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County Jail expands methadone services

 

Last updated 11/8/2022 at 12:54pm



Warden Orlando Harper announced the Allegheny County Jail has expanded its methadone medication services as part of the jail’s Medication-Assisted Treatment (MAT) program for individuals who experience Opioid Use Disorder (OUD).

In conjunction with Tadiso, the county’s contracted methadone provider, the jail now allows individuals who enter the facility with a confirmed methadone prescription to continue receiving methadone while incarcerated in the jail. Prior to the expansion, which began October 24, only pregnant people with a methadone prescription were eligible for continuation services.

“We understand that many of the individuals committed to our facility have a history of substance abuse, and we are committed to assisting their recovery in any way we can,” Warden Harper said. “The expansion of our methadone program will allow us to offer options to more individuals while they are under our care.”

Under the new expansion, Tadiso staff members will continue a person’s OUD treatment by administering methadone inside the facility during routine medication passes.

“Medication-assisted treatment saves lives,” said Renee Madden, a jail Deputy Health Services Administrator. “Expanding our methadone treatment services is a form of harm reduction and plays an important role in decreasing overdose deaths even after incarcerated individuals are released.”

There are currently more than 120 incarcerated individuals who receive some type of MAT at the jail.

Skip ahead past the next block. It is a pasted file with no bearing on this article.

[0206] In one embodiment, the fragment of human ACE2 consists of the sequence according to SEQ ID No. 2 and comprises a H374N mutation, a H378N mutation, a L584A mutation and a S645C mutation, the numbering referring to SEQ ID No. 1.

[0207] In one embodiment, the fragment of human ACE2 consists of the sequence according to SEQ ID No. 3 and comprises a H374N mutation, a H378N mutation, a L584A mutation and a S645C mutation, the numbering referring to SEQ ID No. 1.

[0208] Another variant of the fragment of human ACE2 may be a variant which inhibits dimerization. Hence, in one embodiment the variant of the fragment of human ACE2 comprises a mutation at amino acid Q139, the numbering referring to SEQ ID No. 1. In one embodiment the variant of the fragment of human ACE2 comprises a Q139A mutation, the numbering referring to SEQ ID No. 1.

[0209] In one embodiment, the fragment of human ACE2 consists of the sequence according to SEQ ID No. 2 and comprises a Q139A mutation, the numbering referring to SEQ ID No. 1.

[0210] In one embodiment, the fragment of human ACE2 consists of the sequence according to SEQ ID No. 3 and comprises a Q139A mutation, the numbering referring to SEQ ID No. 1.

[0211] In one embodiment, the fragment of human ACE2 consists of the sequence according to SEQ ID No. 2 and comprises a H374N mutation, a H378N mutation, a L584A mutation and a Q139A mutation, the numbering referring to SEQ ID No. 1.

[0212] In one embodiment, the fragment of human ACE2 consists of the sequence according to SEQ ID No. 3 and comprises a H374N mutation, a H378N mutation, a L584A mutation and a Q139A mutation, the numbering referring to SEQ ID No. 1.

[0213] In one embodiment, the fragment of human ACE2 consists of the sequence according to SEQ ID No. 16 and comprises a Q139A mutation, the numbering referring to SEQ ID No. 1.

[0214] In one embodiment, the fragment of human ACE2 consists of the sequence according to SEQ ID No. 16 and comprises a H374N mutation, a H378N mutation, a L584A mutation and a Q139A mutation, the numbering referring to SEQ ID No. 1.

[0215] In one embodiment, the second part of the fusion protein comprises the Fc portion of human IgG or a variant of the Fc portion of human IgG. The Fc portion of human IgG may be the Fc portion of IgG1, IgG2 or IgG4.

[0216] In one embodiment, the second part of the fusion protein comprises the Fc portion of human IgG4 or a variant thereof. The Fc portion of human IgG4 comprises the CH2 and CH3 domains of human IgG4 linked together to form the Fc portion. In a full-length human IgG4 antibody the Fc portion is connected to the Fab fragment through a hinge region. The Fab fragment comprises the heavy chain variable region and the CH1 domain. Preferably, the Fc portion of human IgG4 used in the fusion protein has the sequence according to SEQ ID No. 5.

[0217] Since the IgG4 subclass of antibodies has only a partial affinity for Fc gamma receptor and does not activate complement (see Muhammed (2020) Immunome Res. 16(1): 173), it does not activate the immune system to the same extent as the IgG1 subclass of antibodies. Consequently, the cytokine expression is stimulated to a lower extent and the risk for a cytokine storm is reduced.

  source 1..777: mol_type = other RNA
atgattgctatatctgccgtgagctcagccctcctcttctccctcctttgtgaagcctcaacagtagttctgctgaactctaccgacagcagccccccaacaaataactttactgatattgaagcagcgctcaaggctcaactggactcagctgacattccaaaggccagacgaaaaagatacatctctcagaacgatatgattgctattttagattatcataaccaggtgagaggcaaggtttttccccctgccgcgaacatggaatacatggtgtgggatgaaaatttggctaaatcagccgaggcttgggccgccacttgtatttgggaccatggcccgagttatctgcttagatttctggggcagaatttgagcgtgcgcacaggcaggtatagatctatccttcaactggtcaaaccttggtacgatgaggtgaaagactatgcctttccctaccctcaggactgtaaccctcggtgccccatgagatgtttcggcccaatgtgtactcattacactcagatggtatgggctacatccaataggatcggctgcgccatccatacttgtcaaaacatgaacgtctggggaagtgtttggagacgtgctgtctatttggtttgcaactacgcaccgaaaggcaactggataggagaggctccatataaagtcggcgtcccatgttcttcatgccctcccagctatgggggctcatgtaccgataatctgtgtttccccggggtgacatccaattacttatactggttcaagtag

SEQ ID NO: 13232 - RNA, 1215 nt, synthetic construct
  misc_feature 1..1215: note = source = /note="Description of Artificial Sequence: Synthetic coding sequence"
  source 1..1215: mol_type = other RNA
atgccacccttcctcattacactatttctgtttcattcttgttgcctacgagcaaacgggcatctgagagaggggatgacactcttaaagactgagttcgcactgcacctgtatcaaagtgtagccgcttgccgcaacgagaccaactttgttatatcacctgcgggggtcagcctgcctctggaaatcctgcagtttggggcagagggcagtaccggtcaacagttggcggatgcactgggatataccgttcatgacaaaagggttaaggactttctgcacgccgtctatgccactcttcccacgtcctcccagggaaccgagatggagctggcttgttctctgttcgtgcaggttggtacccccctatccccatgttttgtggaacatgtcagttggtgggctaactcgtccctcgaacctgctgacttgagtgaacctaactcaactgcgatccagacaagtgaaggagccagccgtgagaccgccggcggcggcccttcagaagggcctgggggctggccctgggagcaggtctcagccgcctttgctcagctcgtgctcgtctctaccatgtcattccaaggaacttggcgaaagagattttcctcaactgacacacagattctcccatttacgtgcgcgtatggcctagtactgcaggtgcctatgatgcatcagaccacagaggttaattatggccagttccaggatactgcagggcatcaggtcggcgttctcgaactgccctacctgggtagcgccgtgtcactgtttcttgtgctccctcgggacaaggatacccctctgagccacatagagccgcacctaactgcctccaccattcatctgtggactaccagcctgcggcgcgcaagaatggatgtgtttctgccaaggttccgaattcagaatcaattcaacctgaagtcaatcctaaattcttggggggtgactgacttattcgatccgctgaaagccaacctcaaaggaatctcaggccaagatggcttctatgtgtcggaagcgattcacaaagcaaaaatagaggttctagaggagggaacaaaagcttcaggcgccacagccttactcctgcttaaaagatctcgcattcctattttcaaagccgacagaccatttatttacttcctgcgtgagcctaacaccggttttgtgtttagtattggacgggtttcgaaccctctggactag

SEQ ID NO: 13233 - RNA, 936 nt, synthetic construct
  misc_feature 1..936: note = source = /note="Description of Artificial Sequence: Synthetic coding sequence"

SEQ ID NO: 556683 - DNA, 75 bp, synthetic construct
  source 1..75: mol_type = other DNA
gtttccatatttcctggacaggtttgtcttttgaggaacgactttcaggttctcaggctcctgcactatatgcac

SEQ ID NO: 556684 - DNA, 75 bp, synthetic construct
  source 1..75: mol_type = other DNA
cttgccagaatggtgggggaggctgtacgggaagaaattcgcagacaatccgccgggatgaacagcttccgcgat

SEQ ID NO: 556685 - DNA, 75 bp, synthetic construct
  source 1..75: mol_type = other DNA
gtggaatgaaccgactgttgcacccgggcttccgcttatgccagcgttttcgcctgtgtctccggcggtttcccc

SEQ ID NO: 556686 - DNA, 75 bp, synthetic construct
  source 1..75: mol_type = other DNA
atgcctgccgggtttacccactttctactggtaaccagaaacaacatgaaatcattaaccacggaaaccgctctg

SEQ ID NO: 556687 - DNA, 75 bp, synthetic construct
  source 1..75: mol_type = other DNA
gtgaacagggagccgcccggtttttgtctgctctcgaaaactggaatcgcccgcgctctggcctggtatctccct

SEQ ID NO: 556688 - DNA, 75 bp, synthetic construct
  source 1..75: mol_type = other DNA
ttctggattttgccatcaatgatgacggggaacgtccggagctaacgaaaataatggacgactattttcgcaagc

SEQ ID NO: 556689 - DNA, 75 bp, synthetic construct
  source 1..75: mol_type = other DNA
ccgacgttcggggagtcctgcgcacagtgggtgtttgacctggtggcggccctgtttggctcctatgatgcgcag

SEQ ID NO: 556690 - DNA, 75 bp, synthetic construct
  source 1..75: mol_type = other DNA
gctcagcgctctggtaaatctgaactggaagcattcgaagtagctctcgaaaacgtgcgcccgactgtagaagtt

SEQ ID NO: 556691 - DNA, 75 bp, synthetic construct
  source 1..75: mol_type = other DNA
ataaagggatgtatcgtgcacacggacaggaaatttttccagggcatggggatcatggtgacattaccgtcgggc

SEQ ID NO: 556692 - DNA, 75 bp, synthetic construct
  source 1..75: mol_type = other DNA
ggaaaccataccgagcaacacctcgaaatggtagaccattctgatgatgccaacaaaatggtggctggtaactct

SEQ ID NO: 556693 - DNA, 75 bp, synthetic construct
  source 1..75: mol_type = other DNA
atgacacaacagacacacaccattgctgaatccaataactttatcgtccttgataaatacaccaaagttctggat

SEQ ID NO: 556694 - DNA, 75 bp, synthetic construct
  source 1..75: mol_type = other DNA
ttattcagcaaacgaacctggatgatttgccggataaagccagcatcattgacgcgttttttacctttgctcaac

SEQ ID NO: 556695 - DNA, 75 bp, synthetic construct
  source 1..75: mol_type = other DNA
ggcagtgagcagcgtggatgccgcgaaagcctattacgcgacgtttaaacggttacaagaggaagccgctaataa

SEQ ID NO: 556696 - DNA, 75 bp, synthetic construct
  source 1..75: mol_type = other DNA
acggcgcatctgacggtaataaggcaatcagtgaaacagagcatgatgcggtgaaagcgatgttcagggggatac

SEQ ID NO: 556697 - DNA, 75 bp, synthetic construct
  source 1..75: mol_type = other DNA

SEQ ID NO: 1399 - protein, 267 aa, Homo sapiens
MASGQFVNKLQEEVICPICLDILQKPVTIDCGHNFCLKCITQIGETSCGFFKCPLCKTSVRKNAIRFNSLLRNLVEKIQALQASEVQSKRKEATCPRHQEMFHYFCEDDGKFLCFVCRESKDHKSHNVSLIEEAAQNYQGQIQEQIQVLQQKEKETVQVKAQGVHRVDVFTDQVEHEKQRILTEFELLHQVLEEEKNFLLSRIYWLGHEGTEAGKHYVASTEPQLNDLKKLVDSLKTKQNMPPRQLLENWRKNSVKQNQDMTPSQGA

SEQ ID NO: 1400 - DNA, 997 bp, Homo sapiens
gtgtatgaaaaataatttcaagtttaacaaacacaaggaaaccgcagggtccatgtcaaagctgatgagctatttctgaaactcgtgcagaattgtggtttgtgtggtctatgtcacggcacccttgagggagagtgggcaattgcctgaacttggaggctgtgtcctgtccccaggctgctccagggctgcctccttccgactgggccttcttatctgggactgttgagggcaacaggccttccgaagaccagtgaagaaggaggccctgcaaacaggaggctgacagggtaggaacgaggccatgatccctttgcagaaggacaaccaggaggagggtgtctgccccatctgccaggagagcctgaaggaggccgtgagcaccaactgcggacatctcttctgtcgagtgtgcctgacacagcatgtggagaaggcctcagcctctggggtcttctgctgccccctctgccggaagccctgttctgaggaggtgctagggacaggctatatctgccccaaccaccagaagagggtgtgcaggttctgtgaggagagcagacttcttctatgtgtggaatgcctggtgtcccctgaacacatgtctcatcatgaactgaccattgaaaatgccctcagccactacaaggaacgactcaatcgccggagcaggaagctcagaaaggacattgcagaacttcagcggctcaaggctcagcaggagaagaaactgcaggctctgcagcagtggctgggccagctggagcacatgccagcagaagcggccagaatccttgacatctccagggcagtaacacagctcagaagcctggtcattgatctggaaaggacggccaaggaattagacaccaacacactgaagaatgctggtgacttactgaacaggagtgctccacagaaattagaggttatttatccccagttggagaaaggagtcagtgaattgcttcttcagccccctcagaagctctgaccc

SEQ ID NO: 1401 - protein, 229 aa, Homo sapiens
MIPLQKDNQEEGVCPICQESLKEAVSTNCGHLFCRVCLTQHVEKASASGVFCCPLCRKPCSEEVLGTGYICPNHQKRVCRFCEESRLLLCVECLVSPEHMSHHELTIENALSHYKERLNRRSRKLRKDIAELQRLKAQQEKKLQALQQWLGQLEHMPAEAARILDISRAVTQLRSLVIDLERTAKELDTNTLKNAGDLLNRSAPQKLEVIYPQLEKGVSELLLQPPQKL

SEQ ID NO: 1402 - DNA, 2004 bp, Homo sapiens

“Medication-assisted treatment in all forms is a vital and valuable tool in substance use recovery,” said Todd Baumgardner, the jail’s Director of Substance Use Programs. “It is exciting that we are adding methadone to our already robust MAT program here at the Allegheny County Jail. With this addition we hope to promote continued recovery possibilities.”

All individuals entering the facility are medically screened as part of the intake process. The jail offers naltrexone and a variety of buprenorphine treatments for those who enter the facility with a prescription for those medications. Naltrexone is provided orally, then as a long-acting injection under the name Vivitrol, in preparation for release.

Individuals who suffer from OUD but do not have a valid prescription receive medically supervised withdrawal treatment and are offered substance use treatment. The detoxification protocol includes individuals having vital signs monitored daily, symptom assessments and being prescribed medication according to Clinical Opiate Withdrawal Scale standards for detoxification procedures. The facility also provides on-site one-on-one counseling as part of the MAT process.

The jail runs male and female drug and alcohol programs where individuals can participate in services if they meet the criteria for OUD. Medical, mental health and substance abuse teams create individualized treatment plans for incarcerated individuals and ensure those individuals are involved in their aftercare discharge plans.

Upon release, Narcan, an opiate overdose reversal medication, is provided free of charge to all formerly incarcerated individuals.

 

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